- The Washington Times - Tuesday, July 22, 2003

That swoosh you hear is the sound of the AIR Awards deflating. The AIR Awards annual competition, also known as the Achievement in Radio Awards, honored excellence in Washington-area radio. Organizers decided last week to scrap the competition, which doubled as a fund-raiser for the National Capital Area March of Dimes.

“It was a really good run, but both the charity and the radio community felt it had kind of run its course,” said Joel A. Oxley, general manager of WTOP (1500 AM and 107.7 FM) and WGMS-FM (103.5) and chairman of the AIR Awards’ board of governors.

This year’s event was slated for November. March of Dimes chapters in Boston and Chicago pulled the plug on their AIR Awards competitions, too.

The local competition began in 1987. The banquet where the awards were handed out was always a big draw, but some folks criticized the judging criteria and proliferation of categories.

Last year, awards were handed out in 38 categories, including “Best Morning Drive Show” and “Best Non-English Community Service On-Air Campaign.”

“We’re still looking as an industry to figure out what we want to do to acknowledge our people,” Mr. Oxley said.

Last year’s AIR Awards raised $41,500 for the March of Dimes.

WASH out

Clear Channel Communications Inc. relieved Steve Allan of his duties as program director of soft rock music station WASH-FM (97.1) last week.

Mr. Allan confirmed his ouster yesterday. He said he will continue to program Clear Channel’s oldies station, WBIG-FM (100.3), but declined further comment.

According to Arbitron Inc. ratings released this week, WASH dipped in key time periods among advertisers’ prized demographic, adults 25 to 54.

The most dramatic drop occurred weekdays from 10 a.m. to 3 p.m., where WASH fell from second place in spring 2002 to 12th place this spring — not good for a broadcaster that bills itself as “Washington’s No. 1 at-work radio station.”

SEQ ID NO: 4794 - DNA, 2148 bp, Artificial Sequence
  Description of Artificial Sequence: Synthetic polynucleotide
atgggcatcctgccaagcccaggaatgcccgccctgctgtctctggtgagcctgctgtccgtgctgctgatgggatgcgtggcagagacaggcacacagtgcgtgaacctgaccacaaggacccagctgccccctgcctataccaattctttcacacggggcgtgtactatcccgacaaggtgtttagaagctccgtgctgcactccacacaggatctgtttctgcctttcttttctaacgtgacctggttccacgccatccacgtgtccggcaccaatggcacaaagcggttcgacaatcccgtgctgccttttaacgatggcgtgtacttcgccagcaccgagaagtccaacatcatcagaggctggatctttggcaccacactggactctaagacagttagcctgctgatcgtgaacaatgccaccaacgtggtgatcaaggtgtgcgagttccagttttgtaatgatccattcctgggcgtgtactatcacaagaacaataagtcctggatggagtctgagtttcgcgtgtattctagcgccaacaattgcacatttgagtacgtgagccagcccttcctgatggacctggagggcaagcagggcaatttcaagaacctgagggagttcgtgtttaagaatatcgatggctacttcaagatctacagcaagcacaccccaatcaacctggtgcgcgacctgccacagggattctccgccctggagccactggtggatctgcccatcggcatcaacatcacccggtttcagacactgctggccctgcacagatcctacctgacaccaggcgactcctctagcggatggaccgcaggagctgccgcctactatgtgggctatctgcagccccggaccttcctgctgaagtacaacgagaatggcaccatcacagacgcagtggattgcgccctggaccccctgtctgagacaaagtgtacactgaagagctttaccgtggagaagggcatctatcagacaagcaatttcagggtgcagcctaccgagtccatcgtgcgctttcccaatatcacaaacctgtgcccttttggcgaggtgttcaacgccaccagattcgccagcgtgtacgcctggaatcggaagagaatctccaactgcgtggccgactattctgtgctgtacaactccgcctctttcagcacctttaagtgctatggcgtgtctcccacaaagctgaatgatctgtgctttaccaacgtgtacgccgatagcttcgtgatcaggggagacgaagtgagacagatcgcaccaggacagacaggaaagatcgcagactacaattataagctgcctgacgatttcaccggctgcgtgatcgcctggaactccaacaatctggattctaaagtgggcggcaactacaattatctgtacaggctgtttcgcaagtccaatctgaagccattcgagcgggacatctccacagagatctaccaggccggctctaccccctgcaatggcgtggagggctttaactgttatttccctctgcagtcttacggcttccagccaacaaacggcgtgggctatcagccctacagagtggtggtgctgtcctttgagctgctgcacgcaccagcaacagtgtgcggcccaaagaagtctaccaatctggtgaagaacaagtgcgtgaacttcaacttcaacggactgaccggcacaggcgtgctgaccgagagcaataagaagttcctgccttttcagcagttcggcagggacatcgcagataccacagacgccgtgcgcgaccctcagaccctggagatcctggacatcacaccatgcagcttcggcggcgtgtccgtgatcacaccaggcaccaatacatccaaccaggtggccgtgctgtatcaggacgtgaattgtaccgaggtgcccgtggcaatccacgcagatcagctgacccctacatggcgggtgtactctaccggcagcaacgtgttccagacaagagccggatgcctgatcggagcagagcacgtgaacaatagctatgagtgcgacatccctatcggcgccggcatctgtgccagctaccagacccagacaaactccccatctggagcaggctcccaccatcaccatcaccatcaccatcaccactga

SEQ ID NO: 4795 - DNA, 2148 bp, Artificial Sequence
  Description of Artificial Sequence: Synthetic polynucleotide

Mr. Allan masterminded WASH’s popular stunt of playing round-the-clock holiday music in December. He also championed WASH’s snappy Sunday-evening chat show “Girl Talk,” one of the more innovative programs on the local airwaves.

Bill Hess, a Clear Channel programmer in Providence, R.I., replaces Mr. Allan at WASH on Aug. 4. The watercooler buzz at 1801 Rockville Pike, where WASH and WBIG are based, is the company plans to jazz up WASH’s playlist.

Anchors in the news

• Mike Buchanan is expected to return to WUSA-TV (Channel 9) on Monday following his July 10 car accident. On Aug. 4, Mike Walter succeeds Mr. Buchanan on the early news. Mr. Buchanan will become a WUSA feature reporter, although he will also do some crime reporting.

• Amy Robach, the popular early-morning news anchor at WTTG-TV (Channel 5), is mulling a plum out-of-town job offer, sources at the Fox affiliate said. Ms. Robach, who previously reported from WTTG’s “Sky Fox” helicopter, did not return calls.

• Although Jim Handly’s agent has been shopping his client around town, the WRC-TV (Channel 4) afternoon anchor is expected to remain with the NBC affiliate, sources say.

• The National Association of Black Journalists has honored WJLA-TV (Channel 7) anchor Del Walters for a report on retaliation against two federal employees who blew the whistle on government security gaps. Mr. Walters’ report won first place in a category that included entries from network correspondents and reporters from the top 15 television markets.

Call Chris Baker at 202/636-3139 or send an e-mail to cbaker@washingtontimes.com.

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